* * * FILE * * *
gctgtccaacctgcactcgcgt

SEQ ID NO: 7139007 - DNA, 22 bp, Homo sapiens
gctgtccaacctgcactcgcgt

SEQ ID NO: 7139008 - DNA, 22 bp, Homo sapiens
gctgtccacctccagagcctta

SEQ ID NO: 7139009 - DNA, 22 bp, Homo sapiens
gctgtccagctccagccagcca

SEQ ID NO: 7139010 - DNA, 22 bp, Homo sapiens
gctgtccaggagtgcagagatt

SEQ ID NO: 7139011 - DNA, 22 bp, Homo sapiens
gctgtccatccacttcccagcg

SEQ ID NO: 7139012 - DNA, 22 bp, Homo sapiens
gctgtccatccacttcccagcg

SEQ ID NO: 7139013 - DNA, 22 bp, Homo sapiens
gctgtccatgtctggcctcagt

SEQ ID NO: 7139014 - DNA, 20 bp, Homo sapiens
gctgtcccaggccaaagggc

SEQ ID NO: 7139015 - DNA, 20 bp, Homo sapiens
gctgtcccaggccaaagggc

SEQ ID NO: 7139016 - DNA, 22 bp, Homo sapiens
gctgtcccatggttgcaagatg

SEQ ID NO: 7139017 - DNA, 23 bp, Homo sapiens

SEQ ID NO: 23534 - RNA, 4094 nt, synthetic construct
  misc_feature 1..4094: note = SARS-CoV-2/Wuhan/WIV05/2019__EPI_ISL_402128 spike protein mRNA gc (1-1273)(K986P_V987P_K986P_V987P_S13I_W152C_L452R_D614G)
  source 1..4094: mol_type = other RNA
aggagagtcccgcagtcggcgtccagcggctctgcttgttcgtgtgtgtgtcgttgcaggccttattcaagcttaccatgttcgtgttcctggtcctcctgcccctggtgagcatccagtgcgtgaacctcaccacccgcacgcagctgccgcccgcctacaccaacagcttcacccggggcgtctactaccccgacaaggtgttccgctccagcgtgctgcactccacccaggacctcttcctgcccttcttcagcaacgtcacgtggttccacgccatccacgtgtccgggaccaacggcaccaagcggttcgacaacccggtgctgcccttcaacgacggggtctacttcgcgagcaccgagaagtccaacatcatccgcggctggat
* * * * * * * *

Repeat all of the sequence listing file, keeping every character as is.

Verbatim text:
gctgtccaacctgcactcgcgt

SEQ ID NO: 7139007 - DNA, 22 bp, Homo sapiens
gctgtccaacctgcactcgcgt

SEQ ID NO: 7139008 - DNA, 22 bp, Homo sapiens
gctgtccacctccagagcctta

SEQ ID NO: 7139009 - DNA, 22 bp, Homo sapiens
gctgtccagctccagccagcca

SEQ ID NO: 7139010 - DNA, 22 bp, Homo sapiens
gctgtccaggagtgcagagatt

SEQ ID NO: 7139011 - DNA, 22 bp, Homo sapiens
gctgtccatccacttcccagcg

SEQ ID NO: 7139012 - DNA, 22 bp, Homo sapiens
gctgtccatccacttcccagcg

SEQ ID NO: 7139013 - DNA, 22 bp, Homo sapiens
gctgtccatgtctggcctcagt

SEQ ID NO: 7139014 - DNA, 20 bp, Homo sapiens
gctgtcccaggccaaagggc

SEQ ID NO: 7139015 - DNA, 20 bp, Homo sapiens
gctgtcccaggccaaagggc

SEQ ID NO: 7139016 - DNA, 22 bp, Homo sapiens
gctgtcccatggttgcaagatg

SEQ ID NO: 7139017 - DNA, 23 bp, Homo sapiens

SEQ ID NO: 23534 - RNA, 4094 nt, synthetic construct
  misc_feature 1..4094: note = SARS-CoV-2/Wuhan/WIV05/2019__EPI_ISL_402128 spike protein mRNA gc (1-1273)(K986P_V987P_K986P_V987P_S13I_W152C_L452R_D614G)
  source 1..4094: mol_type = other RNA
aggagagtcccgcagtcggcgtccagcggctctgcttgttcgtgtgtgtgtcgttgcaggccttattcaagcttaccatgttcgtgttcctggtcctcctgcccctggtgagcatccagtgcgtgaacctcaccacccgcacgcagctgccgcccgcctacaccaacagcttcacccggggcgtctactaccccgacaaggtgttccgctccagcgtgctgcactccacccaggacctcttcctgcccttcttcagcaacgtcacgtggttccacgccatccacgtgtccgggaccaacggcaccaagcggttcgacaacccggtgctgcccttcaacgacggggtctacttcgcgagcaccgagaagtccaacatcatccgcggctggat